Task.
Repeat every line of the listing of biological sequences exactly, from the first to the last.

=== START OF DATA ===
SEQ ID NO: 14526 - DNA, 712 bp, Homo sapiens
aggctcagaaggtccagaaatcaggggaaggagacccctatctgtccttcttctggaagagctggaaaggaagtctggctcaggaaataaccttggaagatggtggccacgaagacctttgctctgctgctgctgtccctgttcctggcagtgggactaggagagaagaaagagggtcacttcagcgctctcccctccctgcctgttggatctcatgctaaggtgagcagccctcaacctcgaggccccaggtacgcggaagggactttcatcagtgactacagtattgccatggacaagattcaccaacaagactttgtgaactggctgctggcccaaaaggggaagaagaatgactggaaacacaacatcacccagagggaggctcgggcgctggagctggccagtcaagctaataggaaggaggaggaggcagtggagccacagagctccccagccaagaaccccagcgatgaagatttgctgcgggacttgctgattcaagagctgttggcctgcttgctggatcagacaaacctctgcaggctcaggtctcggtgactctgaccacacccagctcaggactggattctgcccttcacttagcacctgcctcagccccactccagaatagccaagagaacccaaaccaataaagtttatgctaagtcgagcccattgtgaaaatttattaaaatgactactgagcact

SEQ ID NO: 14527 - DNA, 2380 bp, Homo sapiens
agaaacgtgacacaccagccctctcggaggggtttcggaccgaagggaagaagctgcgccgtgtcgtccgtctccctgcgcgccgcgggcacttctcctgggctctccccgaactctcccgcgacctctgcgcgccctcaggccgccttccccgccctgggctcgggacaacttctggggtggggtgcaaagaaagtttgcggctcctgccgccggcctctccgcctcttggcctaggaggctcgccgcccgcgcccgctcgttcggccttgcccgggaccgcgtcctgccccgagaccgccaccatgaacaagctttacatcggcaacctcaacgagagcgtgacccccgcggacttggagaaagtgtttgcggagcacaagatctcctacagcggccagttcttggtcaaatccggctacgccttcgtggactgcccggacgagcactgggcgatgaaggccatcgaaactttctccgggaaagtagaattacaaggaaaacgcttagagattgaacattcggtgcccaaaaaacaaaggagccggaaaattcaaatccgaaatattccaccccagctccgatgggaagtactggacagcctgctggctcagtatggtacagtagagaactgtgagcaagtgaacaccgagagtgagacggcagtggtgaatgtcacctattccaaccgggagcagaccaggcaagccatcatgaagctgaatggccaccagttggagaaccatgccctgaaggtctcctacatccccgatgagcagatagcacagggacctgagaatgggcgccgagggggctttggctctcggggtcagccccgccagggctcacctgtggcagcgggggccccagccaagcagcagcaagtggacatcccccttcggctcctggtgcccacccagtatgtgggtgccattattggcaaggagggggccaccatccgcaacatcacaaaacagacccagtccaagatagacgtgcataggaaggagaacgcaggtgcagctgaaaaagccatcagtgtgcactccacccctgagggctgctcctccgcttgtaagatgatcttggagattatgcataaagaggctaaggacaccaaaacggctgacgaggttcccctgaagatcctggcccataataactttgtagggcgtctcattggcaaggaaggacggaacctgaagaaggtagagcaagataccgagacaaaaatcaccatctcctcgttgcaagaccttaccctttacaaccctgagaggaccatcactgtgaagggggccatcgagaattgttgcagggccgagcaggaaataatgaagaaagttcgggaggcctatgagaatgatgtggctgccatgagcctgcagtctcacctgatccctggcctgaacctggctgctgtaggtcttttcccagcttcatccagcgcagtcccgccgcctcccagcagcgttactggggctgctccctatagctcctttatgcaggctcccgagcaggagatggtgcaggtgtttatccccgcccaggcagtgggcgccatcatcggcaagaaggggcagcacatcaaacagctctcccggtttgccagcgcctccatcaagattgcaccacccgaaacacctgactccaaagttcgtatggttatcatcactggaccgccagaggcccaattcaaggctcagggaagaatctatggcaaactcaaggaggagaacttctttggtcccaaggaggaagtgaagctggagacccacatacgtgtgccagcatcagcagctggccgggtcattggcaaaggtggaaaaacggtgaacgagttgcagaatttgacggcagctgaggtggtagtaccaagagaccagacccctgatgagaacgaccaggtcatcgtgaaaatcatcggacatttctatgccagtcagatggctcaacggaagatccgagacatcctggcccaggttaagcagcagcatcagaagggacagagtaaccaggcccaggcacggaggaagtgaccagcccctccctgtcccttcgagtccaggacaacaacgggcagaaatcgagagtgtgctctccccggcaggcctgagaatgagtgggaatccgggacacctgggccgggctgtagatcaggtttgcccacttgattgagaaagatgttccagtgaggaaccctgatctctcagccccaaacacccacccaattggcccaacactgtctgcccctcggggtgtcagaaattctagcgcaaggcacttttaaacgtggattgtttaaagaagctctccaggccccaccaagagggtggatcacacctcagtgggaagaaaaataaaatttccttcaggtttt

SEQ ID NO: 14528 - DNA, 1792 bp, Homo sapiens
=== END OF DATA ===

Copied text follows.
SEQ ID NO: 14526 - DNA, 712 bp, Homo sapiens
aggctcagaaggtccagaaatcaggggaaggagacccctatctgtccttcttctggaagagctggaaaggaagtctggctcaggaaataaccttggaagatggtggccacgaagacctttgctctgctgctgctgtccctgttcctggcagtgggactaggagagaagaaagagggtcacttcagcgctctcccctccctgcctgttggatctcatgctaaggtgagcagccctcaacctcgaggccccaggtacgcggaagggactttcatcagtgactacagtattgccatggacaagattcaccaacaagactttgtgaactggctgctggcccaaaaggggaagaagaatgactggaaacacaacatcacccagagggaggctcgggcgctggagctggccagtcaagctaataggaaggaggaggaggcagtggagccacagagctccccagccaagaaccccagcgatgaagatttgctgcgggacttgctgattcaagagctgttggcctgcttgctggatcagacaaacctctgcaggctcaggtctcggtgactctgaccacacccagctcaggactggattctgcccttcacttagcacctgcctcagccccactccagaatagccaagagaacccaaaccaataaagtttatgctaagtcgagcccattgtgaaaatttattaaaatgactactgagcact

SEQ ID NO: 14527 - DNA, 2380 bp, Homo sapiens
agaaacgtgacacaccagccctctcggaggggtttcggaccgaagggaagaagctgcgccgtgtcgtccgtctccctgcgcgccgcgggcacttctcctgggctctccccgaactctcccgcgacctctgcgcgccctcaggccgccttccccgccctgggctcgggacaacttctggggtggggtgcaaagaaagtttgcggctcctgccgccggcctctccgcctcttggcctaggaggctcgccgcccgcgcccgctcgttcggccttgcccgggaccgcgtcctgccccgagaccgccaccatgaacaagctttacatcggcaacctcaacgagagcgtgacccccgcggacttggagaaagtgtttgcggagcacaagatctcctacagcggccagttcttggtcaaatccggctacgccttcgtggactgcccggacgagcactgggcgatgaaggccatcgaaactttctccgggaaagtagaattacaaggaaaacgcttagagattgaacattcggtgcccaaaaaacaaaggagccggaaaattcaaatccgaaatattccaccccagctccgatgggaagtactggacagcctgctggctcagtatggtacagtagagaactgtgagcaagtgaacaccgagagtgagacggcagtggtgaatgtcacctattccaaccgggagcagaccaggcaagccatcatgaagctgaatggccaccagttggagaaccatgccctgaaggtctcctacatccccgatgagcagatagcacagggacctgagaatgggcgccgagggggctttggctctcggggtcagccccgccagggctcacctgtggcagcgggggccccagccaagcagcagcaagtggacatcccccttcggctcctggtgcccacccagtatgtgggtgccattattggcaaggagggggccaccatccgcaacatcacaaaacagacccagtccaagatagacgtgcataggaaggagaacgcaggtgcagctgaaaaagccatcagtgtgcactccacccctgagggctgctcctccgcttgtaagatgatcttggagattatgcataaagaggctaaggacaccaaaacggctgacgaggttcccctgaagatcctggcccataataactttgtagggcgtctcattggcaaggaaggacggaacctgaagaaggtagagcaagataccgagacaaaaatcaccatctcctcgttgcaagaccttaccctttacaaccctgagaggaccatcactgtgaagggggccatcgagaattgttgcagggccgagcaggaaataatgaagaaagttcgggaggcctatgagaatgatgtggctgccatgagcctgcagtctcacctgatccctggcctgaacctggctgctgtaggtcttttcccagcttcatccagcgcagtcccgccgcctcccagcagcgttactggggctgctccctatagctcctttatgcaggctcccgagcaggagatggtgcaggtgtttatccccgcccaggcagtgggcgccatcatcggcaagaaggggcagcacatcaaacagctctcccggtttgccagcgcctccatcaagattgcaccacccgaaacacctgactccaaagttcgtatggttatcatcactggaccgccagaggcccaattcaaggctcagggaagaatctatggcaaactcaaggaggagaacttctttggtcccaaggaggaagtgaagctggagacccacatacgtgtgccagcatcagcagctggccgggtcattggcaaaggtggaaaaacggtgaacgagttgcagaatttgacggcagctgaggtggtagtaccaagagaccagacccctgatgagaacgaccaggtcatcgtgaaaatcatcggacatttctatgccagtcagatggctcaacggaagatccgagacatcctggcccaggttaagcagcagcatcagaagggacagagtaaccaggcccaggcacggaggaagtgaccagcccctccctgtcccttcgagtccaggacaacaacgggcagaaatcgagagtgtgctctccccggcaggcctgagaatgagtgggaatccgggacacctgggccgggctgtagatcaggtttgcccacttgattgagaaagatgttccagtgaggaaccctgatctctcagccccaaacacccacccaattggcccaacactgtctgcccctcggggtgtcagaaattctagcgcaaggcacttttaaacgtggattgtttaaagaagctctccaggccccaccaagagggtggatcacacctcagtgggaagaaaaataaaatttccttcaggtttt

SEQ ID NO: 14528 - DNA, 1792 bp, Homo sapiens